Why should we build more with wood?

Modernising our cities by building more in wood is a, strategic opportunity to achieve significant CO2 emission reductions and transform the built environment from a carbon source into a carbon sink.More research and innovation into novel products and systems design is needed to make this transformation happen.

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The current linear economic system

To counteract the growing climate crisis, a large-scale transformation of the current linear economic system into a sustainable model is utterly needed. To prevent global warming beyond the critical 2° C, all sectors including construction need to reduced their emissions by at least half during every next decade. The Circular Economy model is proposed as a new paradigm to achieve this objective.

Construction sector represents 40% of all CO2 emissions

Construction and the built environment are today one of the largest and most energy-intensive sectors of our civilization, accounting for 40% of all CO2 emissions and contribute largely to climate change. Iron and cement production rely on chemical processes that release significant levels of CO2, and essential raw materials such as sand are becoming already scarce.

Wood is the circular material par excellence

Forests are renewable ecosystems which extract huge amounts of carbon from the atmosphere. A main advantage of wood material is that it can be recycled both biologically and technically . The carbon storage time can be further prolonged through additional reuse and recycling phases. When it has attained its end-of-life in the technical cycle, it can enter again the biological cycle. Wood is a readily available solution to turn buildings from a carbon source into a carbon sink.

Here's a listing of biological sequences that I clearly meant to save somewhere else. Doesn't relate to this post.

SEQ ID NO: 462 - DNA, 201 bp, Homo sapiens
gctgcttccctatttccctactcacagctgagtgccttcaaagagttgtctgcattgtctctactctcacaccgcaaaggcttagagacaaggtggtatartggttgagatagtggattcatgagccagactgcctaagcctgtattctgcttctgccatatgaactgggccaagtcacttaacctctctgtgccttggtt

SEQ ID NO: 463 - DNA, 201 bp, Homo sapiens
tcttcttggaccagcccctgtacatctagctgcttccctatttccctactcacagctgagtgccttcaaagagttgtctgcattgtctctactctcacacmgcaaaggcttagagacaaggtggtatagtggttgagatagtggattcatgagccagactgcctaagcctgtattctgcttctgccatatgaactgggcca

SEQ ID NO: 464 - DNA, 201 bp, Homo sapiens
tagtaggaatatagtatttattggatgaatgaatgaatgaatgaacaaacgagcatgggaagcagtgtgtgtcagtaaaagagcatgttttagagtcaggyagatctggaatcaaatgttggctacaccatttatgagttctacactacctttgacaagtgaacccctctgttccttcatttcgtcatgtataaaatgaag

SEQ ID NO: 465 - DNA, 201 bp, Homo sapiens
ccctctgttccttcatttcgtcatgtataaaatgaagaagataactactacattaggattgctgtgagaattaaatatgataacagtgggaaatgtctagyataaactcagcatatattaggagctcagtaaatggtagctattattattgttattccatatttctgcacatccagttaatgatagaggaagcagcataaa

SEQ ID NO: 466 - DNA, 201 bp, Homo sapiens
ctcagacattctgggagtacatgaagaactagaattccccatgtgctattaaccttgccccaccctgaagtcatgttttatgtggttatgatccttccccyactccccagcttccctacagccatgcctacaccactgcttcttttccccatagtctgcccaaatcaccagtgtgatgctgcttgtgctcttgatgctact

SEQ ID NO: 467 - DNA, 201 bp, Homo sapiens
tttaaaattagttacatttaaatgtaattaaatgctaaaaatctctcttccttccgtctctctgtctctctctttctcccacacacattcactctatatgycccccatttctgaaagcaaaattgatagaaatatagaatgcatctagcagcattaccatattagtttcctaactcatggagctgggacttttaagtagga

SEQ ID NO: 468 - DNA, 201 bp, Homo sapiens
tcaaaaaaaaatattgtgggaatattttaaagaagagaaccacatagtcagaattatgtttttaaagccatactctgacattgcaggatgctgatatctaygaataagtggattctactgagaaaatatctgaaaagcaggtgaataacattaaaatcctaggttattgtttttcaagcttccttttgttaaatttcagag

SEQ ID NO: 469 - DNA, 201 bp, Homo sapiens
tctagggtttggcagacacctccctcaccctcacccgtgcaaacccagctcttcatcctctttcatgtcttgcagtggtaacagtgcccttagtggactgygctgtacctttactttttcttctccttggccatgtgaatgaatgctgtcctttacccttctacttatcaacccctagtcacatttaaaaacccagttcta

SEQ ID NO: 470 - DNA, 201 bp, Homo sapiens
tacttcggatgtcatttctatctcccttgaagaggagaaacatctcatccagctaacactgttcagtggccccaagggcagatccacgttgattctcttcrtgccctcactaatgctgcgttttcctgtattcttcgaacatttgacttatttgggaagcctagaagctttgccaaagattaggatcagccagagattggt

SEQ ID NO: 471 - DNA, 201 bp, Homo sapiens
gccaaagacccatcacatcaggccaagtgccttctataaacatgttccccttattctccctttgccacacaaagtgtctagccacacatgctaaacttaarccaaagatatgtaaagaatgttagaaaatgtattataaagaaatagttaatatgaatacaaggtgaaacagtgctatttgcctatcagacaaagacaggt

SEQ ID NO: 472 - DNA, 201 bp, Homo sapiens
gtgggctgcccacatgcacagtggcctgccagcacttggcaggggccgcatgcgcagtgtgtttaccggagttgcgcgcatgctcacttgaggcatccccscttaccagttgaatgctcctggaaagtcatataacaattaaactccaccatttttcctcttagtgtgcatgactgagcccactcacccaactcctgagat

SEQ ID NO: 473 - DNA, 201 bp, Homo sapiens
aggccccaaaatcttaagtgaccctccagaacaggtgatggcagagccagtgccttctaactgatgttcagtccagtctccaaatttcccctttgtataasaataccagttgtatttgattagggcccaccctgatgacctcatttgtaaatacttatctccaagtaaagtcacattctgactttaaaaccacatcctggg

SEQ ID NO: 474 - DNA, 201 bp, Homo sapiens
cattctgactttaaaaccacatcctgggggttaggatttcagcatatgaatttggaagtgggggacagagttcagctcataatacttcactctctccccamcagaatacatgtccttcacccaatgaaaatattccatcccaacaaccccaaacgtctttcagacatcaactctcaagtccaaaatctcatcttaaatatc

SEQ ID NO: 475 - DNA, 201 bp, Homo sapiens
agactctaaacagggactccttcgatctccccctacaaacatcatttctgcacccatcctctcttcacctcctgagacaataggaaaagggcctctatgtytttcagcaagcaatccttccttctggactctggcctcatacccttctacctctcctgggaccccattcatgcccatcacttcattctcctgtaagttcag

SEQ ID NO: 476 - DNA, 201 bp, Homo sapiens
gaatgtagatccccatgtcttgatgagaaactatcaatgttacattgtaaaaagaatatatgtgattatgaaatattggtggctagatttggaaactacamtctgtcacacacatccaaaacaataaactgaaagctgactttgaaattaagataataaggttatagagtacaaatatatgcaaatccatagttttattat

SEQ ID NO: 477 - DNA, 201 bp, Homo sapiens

Wood construction a fast-growing market

Wood is an extremely versatile and lightweight building material. It has been used as such since the beginning of mankind. However, since the recent invention of industrialized wood building systems (CLT, Glulam, prefabrication), wood construction is becoming a fast-growing market worldwide and diversifying into various new branches such as multi-storey buildings, retrofitting, renovation, or urban densification.

To prevent global warming beyond the critical 2° C, all sectors need to reduce their emissions until 2050

Forests are renewable ecosystems extracting huge amounts of carbon from the atmosphere

Building more in wood is a unique, strategic opportunity to achieve significant CO2 emission reductions

Construction and the built environment account for 40% of all CO2 emissions globally

Engineered wood products (EWP) can store carbon for decades or even centuries in buildings

Eco-design and digital innovation with wood

To make the most of this magnificent material today, a new mindset is needed to recover traditional knowledge and techniques and innovate the wood sector by adopting advanced technologies in engineering, eco-design, life cycle assessment, digitalisation and smart logistics. New research and innovation into sustainable, bio-based products, systems solutions and circular supply chains will pave the way for a large-scale transformation of our built environment.

Rural renaissance through wood construction

Rural areas represent 80% of the EU territory. Rural exodus and the ongoing demographic change are having big impacts on rural regions in Europe, where jobs in forestry represent around 500,000 employees. Being the initial link of forest-based value chains, this workforce ensures the sustainable management of forests and supply of the raw material to the forest-based industries, which count around 2-3 million employees.Rebuilding the economy also needs to safeguard rural jobs in forestry and wood industries.